Uber battles with city council to open New Orleans operations

Kate Jamison, News Editor

Uber, a transportation network that connects riders with drivers through a smartphone application, has been fighting to establish a New Orleans presence. Protests from the city’s taxicab industry and a series of limiting City Council ordinances have met these efforts. 

Uber operates off of a modern smartphone application platform. Users download the app and create an account with Uber. The app locates users on a map and shows them a map of drivers in their area. The user can select a driver and speak with them directly. The fare from the ride can be paid directly through the app, which is linked to the user’s credit card information. The app has many advanced features, allowing users to see what their ride is going to cost and the route that the driver will take before they arrive at their destination.

Uber now runs in 94 U.S. cities and 44 countries. The company was founded in San Francisco in 2009. 

Uber started to run into walls before business could start in New Orleans. Uber received a cease and desist letter from Deputy Director Malachi Hull on behalf of the city of New Orleans in October 2013, before operations had begun.

The letter, addressed to Travis Kalanick, Uber Technologies Inc. CEO and co-founder, accused the company of operating illegally in New Orleans and violating city codes. 

“Your company, Uber Technologies, Inc. is operating unlicensed commercial transportation services in the City of New Orleans, which is a violation of the New Orleans City Codes,” the Oct. 10 letter states.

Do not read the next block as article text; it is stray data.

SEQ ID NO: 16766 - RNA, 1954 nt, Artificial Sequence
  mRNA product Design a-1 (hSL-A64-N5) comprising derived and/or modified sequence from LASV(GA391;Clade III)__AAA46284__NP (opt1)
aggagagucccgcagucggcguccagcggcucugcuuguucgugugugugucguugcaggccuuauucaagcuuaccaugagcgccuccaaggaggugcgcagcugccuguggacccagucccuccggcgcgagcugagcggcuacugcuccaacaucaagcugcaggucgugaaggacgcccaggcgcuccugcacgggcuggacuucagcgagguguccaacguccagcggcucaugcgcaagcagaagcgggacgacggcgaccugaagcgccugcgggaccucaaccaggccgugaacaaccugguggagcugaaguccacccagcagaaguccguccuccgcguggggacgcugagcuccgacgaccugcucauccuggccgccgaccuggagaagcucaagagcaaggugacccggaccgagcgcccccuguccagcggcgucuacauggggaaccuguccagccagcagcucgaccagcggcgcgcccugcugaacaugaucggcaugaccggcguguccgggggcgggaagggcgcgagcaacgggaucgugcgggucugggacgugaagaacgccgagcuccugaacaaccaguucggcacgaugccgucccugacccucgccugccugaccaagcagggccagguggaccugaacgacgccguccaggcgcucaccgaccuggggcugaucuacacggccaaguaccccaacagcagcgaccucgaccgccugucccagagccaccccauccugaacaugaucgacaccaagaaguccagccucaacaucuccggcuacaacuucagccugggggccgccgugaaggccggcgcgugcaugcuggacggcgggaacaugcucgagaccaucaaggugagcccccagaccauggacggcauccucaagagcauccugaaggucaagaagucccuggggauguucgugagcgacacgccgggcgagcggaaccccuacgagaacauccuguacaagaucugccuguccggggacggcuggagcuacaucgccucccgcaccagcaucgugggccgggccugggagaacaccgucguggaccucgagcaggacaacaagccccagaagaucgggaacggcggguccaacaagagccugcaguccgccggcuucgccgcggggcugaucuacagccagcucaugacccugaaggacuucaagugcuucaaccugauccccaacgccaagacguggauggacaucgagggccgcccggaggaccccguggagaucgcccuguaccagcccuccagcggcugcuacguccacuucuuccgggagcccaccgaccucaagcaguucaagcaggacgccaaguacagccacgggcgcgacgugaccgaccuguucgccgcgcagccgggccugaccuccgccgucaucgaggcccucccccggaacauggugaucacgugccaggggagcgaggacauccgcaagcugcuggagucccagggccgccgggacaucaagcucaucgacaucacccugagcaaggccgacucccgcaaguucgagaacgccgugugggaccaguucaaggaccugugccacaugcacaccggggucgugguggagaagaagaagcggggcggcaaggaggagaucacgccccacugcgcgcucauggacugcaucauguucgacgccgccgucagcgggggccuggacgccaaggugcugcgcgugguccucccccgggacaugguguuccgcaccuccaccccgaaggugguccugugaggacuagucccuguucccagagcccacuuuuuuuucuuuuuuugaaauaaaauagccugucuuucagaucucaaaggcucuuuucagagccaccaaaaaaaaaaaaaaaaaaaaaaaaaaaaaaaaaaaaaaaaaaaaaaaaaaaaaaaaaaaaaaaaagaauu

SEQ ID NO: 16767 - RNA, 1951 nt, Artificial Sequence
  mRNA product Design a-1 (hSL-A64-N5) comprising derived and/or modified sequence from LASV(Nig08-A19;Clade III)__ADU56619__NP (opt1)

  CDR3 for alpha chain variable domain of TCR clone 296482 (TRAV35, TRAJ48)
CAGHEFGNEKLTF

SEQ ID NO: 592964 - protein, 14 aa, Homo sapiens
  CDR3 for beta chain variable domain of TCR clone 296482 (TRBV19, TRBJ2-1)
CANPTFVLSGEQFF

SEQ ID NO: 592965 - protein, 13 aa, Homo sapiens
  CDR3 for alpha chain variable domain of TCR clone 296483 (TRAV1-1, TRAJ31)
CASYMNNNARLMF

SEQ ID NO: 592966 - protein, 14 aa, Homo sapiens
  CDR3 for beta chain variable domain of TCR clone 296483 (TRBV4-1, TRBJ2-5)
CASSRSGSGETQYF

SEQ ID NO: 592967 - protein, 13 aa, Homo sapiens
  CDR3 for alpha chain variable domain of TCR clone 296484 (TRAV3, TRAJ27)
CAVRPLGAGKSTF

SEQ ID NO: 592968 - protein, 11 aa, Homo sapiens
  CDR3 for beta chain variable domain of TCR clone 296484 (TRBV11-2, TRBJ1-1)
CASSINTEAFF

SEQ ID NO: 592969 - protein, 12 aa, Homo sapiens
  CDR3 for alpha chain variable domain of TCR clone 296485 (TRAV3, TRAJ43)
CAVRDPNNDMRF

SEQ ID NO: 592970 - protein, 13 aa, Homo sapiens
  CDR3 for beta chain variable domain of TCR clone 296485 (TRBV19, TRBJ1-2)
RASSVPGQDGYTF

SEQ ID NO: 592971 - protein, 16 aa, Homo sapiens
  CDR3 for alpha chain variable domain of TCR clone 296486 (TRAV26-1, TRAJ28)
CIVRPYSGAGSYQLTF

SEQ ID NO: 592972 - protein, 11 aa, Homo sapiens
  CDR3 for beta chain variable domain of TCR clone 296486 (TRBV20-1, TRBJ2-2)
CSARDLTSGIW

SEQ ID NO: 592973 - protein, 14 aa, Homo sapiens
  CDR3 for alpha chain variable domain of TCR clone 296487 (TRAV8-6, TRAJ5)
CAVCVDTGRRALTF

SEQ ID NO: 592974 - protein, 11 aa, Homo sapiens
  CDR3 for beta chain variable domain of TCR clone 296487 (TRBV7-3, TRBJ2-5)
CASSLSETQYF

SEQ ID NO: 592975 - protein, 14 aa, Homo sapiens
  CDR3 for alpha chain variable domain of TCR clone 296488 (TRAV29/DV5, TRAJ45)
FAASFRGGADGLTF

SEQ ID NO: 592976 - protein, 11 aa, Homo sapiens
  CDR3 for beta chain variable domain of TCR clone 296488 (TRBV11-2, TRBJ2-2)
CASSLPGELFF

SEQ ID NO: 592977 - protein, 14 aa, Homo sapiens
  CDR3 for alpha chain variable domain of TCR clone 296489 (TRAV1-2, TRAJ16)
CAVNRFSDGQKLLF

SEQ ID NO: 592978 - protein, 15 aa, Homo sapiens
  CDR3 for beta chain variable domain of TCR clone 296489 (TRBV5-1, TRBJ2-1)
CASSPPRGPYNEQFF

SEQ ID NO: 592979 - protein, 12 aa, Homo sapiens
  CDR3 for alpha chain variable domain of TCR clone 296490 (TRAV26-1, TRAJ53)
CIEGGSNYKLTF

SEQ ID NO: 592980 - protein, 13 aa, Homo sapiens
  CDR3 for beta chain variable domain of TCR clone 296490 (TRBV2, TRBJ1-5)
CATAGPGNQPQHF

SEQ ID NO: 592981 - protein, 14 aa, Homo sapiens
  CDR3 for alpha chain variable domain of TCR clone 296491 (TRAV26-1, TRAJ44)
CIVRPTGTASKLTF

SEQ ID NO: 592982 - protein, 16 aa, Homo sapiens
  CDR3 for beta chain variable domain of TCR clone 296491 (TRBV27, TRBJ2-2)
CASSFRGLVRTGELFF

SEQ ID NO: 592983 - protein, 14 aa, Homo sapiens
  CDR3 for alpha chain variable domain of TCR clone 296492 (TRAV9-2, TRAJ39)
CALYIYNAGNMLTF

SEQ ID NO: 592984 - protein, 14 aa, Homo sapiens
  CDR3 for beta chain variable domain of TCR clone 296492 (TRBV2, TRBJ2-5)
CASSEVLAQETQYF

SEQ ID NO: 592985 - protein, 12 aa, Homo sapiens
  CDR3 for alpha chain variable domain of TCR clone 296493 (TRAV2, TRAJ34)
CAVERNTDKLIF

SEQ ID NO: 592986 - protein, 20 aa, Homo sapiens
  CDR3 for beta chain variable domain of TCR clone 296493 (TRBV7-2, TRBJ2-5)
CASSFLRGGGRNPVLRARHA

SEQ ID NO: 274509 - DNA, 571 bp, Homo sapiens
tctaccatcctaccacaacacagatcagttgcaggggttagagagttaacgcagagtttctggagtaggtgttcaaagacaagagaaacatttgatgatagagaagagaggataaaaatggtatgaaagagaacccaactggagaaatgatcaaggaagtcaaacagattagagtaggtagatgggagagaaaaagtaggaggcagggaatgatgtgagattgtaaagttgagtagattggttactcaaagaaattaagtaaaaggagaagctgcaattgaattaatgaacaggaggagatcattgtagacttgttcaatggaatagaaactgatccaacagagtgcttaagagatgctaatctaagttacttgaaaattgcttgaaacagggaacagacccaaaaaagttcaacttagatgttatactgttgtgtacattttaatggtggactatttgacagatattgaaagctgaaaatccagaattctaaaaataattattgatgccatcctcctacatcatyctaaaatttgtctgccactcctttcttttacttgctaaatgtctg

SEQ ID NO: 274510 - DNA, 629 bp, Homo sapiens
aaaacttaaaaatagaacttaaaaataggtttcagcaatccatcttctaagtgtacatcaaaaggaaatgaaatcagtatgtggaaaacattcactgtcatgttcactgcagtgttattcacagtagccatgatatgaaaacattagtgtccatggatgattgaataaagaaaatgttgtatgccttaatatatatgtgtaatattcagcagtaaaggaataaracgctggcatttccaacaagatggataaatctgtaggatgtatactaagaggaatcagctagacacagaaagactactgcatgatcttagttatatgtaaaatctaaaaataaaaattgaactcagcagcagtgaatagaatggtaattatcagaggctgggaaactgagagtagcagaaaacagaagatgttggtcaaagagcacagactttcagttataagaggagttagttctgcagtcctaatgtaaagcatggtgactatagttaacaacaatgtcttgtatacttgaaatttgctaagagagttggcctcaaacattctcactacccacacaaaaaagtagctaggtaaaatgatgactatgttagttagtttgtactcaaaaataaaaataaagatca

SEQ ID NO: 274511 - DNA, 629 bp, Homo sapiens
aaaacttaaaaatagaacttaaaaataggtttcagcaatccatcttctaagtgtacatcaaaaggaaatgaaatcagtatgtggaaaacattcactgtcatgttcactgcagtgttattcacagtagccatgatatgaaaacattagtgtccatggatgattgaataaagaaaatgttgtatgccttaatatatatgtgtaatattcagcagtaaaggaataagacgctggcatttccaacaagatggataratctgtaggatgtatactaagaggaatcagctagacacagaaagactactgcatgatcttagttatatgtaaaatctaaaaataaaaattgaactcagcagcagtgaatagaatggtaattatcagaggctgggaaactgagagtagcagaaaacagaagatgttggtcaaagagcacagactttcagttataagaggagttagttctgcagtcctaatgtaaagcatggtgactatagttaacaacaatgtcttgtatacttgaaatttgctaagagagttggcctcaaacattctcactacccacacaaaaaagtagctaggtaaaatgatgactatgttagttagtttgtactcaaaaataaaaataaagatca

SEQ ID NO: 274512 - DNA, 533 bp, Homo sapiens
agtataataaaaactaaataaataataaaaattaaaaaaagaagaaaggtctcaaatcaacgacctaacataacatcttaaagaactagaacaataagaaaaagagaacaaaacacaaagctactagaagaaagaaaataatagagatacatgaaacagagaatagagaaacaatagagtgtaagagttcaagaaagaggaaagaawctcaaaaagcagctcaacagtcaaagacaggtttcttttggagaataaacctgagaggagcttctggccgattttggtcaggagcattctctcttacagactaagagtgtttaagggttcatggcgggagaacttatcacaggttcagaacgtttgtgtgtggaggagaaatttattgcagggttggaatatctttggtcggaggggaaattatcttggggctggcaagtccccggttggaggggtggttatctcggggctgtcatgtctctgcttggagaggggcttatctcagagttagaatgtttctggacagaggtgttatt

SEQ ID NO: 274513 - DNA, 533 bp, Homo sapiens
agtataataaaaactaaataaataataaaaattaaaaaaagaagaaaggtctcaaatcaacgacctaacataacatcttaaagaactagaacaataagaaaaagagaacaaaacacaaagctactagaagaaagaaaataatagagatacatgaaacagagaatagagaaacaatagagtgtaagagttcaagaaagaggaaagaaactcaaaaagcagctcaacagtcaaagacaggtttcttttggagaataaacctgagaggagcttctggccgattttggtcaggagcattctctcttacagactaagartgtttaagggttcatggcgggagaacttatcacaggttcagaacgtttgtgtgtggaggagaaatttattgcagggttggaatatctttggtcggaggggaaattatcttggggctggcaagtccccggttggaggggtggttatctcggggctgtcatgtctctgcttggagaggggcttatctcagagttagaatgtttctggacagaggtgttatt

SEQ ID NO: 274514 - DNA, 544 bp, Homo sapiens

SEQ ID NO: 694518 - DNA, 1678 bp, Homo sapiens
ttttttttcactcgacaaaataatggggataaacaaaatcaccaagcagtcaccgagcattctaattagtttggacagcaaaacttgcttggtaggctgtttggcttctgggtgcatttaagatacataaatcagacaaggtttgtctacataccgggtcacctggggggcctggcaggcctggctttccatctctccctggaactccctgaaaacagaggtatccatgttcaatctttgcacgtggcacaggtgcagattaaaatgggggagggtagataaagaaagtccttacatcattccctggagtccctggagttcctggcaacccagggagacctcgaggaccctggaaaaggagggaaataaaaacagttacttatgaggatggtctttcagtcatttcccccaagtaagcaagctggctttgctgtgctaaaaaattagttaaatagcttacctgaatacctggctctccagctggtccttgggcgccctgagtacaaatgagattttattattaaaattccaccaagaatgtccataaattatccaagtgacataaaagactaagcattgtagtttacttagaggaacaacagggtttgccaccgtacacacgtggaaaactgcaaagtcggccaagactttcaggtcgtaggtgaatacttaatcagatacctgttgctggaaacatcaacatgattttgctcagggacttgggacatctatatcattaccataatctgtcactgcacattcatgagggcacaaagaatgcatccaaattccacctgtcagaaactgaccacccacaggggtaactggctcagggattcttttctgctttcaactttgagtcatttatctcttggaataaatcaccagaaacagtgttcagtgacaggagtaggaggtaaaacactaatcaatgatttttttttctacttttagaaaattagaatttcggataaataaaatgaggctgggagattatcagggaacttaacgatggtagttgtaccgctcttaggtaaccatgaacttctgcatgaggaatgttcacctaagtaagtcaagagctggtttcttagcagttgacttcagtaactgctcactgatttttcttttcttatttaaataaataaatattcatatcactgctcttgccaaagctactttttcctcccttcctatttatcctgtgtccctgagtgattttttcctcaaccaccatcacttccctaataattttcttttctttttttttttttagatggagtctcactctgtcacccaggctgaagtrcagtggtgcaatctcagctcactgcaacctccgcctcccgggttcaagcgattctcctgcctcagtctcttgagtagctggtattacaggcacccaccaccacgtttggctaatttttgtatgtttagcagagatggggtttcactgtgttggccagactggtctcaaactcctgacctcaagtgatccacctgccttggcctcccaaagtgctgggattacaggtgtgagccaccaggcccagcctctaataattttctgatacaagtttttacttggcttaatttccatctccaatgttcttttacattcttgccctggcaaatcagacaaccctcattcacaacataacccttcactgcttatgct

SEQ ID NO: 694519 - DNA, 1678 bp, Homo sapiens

The New Orleans taxicab industry has protested the appearance of “hail-a-cab” apps in the city. Protesters argue that the apps operate largely unregulated and do not face the same heavy restrictions that the cab companies do.  

There has been some movement towards allowing Uber into the city, but with heavy restrictions. The City Council proposed an ordinance that would place minimum prices on all “hail-a-car” app rides like Uber and Lyft, a similar San Francisco-based transportation network. They have proposed a minimum $25 charge for sedan rides, a minimum $35 charge for SUV rides, a flat $75 charge for rides to the airport in a sedan or $90 in a SUV. Uber proponents argue that these minimum charges would effectively shut Uber out of its target market.

Significant online support has been shown for Uber in New Orleans. A petition on change.org titled, “Let UBER come to New Orleans,” had 2,454 signatures as of Thursday. The hashtag #NOLAneedsUBER gained traction on Twitter, with hundreds of tweets pouring in every hour. 

Sophomore Sarah Burn said she sees Uber as a necessity in New Orleans because of unreliable taxi companies. 

“New Orleans needs Uber,” Burn said. “One time I went to the movies and was stranded there for an hour after the movie ended because none of the taxi drivers felt like going all the way there to pick us up. New Orleans transportation is really inconvenient and slow which is especially bad considering how dangerous it is.”

Not all students, however, believe that Uber is beneficial for the city. Sophomore Sam Ergina, a former reporter for The Hullabaloo, said he has had negative experiences with the service in the past. 

“The [user’s] credit card is pre-attached to the account so if the pricing isn’t accurate, it can cause a huge problem,” Ergina said. “I know someone who was accidentally charged over $1000 for a 20-minute ride on Uber.”

A City Council meeting on July 22 to discuss the ordinances that apply to Uber was cancelled without any explanation. The meeting was rescheduled for Sept. 4.